3. Information that the Registrar of Trade Marks will Accept in Confidence

Date Published

3.1 For information to be considered confidential under the common law, it must:

  • be specifically identifiable
  • be inherently confidential i.e. known only to limited parties and not the general public
  • be of sufficient significance not to be ‘trivial tittle-tattle’
  • have been communicated and received on the basis of a mutual understanding of confidence


3.2 From 27 March 2007 the Registrar will accept in confidence all information, other than the information identified in Section 4, in the following documents:

  • documents that solely contain evidence of the use or proposed use of a trade mark;
  • declarations stating the reasons for a request for expedited examination under regulation 4.18;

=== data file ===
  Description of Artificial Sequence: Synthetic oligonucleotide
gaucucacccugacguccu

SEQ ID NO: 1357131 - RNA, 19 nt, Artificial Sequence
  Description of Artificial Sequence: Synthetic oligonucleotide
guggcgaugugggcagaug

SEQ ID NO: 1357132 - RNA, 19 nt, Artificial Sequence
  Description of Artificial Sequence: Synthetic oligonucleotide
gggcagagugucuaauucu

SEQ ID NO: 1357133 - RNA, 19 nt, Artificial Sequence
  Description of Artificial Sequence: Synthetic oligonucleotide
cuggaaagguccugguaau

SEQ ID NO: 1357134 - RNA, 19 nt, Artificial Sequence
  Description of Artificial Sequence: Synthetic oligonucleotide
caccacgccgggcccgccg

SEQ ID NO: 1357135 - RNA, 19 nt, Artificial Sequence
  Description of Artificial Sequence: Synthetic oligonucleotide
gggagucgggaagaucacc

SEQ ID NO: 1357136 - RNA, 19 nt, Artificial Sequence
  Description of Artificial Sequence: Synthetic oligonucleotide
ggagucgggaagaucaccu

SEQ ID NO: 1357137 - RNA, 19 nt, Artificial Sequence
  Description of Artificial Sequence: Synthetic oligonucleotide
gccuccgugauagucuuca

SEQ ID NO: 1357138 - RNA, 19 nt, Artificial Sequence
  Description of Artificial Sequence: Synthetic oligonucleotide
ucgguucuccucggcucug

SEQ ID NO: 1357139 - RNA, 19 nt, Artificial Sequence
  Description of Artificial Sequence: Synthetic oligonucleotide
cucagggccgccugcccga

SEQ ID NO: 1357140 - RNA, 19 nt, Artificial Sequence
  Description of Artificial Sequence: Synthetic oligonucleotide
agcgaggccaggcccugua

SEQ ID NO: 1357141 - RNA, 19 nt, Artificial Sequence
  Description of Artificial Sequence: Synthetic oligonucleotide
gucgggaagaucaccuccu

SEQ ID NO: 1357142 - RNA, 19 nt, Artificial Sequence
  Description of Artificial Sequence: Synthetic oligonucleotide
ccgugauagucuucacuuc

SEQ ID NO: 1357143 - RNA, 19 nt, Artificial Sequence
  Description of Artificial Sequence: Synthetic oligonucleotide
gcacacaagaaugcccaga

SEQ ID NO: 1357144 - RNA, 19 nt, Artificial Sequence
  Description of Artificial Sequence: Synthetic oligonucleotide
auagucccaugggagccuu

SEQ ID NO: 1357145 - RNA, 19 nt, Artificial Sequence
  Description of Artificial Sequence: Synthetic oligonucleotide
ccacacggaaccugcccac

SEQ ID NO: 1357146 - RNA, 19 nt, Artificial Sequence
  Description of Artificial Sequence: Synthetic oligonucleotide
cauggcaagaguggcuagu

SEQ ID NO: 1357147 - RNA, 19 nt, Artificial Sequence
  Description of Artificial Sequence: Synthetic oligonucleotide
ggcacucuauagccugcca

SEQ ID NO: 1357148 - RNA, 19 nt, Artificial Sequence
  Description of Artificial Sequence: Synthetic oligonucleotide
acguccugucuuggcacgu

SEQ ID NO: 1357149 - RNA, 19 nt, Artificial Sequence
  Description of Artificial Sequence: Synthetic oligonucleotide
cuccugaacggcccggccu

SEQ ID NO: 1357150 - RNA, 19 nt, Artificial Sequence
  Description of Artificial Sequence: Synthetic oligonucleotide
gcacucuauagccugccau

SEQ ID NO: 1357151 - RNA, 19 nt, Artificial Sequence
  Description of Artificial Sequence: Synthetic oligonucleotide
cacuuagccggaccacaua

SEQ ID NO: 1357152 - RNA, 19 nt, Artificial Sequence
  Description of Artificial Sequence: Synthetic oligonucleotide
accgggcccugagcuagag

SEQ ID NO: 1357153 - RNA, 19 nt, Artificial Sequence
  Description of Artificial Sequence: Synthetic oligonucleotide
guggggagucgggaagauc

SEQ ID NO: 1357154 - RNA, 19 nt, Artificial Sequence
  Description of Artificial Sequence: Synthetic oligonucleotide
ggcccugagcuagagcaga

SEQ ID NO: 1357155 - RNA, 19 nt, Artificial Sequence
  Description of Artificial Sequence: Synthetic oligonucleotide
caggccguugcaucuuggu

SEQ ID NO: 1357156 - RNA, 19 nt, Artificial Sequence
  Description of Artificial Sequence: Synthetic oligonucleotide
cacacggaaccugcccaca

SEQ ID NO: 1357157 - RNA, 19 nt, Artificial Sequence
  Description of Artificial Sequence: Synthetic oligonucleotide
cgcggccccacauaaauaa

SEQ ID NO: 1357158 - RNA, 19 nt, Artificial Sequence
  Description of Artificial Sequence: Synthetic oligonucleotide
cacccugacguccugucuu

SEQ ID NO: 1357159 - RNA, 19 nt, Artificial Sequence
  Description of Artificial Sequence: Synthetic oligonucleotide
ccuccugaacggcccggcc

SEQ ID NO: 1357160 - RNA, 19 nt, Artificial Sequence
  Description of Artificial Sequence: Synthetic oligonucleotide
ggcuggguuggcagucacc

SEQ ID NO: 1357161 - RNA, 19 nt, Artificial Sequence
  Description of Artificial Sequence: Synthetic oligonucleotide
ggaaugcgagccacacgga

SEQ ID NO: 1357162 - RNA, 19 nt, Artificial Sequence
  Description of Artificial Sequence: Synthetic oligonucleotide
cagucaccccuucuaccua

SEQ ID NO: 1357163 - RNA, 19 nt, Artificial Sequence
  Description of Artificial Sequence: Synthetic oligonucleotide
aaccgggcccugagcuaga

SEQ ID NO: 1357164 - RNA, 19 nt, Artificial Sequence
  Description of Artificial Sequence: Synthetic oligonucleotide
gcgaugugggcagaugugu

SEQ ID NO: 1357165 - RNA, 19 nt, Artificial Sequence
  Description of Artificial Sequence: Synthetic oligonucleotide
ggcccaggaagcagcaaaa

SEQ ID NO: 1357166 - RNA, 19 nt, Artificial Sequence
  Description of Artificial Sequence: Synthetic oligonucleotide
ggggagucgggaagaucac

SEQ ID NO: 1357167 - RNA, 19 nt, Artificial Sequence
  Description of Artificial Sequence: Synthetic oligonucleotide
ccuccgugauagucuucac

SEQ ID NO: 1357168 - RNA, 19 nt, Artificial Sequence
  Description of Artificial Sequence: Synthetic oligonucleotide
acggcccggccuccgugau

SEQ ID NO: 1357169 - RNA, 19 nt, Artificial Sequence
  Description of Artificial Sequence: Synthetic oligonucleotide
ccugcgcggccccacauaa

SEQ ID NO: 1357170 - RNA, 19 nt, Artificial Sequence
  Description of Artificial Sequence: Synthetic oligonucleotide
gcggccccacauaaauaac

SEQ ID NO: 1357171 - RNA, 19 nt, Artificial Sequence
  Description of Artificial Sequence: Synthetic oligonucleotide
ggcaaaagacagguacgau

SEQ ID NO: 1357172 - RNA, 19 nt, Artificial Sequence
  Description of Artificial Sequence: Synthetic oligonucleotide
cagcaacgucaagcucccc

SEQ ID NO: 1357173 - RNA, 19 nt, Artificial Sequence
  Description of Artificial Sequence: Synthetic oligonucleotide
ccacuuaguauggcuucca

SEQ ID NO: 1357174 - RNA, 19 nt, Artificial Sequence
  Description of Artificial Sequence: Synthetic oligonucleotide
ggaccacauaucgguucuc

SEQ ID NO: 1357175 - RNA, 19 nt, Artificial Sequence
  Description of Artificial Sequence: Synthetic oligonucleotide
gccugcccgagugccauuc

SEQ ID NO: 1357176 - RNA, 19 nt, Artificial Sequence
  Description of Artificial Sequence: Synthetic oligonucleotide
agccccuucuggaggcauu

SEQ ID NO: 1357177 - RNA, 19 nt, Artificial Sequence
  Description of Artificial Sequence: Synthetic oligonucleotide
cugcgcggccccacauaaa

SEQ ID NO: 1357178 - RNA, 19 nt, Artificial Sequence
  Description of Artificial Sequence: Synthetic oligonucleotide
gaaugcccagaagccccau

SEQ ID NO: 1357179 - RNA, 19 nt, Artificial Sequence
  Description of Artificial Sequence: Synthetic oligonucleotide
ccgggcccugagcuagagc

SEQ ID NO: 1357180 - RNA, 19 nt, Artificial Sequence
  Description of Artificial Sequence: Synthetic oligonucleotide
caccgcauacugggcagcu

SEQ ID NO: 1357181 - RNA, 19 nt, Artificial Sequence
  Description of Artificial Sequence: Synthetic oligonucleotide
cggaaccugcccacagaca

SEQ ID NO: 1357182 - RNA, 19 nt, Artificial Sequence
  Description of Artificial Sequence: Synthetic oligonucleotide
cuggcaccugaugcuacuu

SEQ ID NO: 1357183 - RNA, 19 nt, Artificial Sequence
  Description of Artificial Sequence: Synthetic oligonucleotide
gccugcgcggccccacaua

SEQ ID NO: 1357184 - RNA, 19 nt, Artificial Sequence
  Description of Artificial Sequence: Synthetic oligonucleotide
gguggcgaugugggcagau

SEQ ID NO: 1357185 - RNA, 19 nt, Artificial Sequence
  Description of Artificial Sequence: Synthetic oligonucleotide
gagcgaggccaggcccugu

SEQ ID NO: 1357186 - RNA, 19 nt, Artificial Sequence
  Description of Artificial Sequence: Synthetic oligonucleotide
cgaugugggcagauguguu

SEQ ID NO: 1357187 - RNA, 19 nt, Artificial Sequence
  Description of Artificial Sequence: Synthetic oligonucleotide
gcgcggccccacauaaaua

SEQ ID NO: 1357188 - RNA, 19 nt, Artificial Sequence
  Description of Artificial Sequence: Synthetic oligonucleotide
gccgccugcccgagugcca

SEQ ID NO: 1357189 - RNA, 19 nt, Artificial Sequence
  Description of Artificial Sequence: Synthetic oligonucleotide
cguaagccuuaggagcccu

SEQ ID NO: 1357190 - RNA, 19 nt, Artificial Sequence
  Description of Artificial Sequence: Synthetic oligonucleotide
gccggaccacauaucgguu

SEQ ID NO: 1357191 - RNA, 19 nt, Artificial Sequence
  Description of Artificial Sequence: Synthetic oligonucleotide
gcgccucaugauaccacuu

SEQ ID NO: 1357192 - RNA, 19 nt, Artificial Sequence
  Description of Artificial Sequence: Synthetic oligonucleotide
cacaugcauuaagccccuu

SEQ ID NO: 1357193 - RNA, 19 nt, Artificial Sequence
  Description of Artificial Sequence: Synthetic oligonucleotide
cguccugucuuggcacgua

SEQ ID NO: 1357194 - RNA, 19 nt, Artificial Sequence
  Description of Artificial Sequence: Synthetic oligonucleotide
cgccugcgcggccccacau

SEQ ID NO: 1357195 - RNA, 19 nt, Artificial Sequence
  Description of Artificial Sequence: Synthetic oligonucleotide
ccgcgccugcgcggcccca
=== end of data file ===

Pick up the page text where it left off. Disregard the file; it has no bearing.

• documents stating the reasons for requesting an extension of time under subsection 224 (2) or (3) of the Trade Marks Act 1995 (TM Act), other than the application for an extension of time; and
  • documents filed in the course of opposition proceedings under the TM Act or Trade Marks Regulations 1995, other than notices of opposition.


3.3 The Registrar will not acknowledge claims that information is confidential.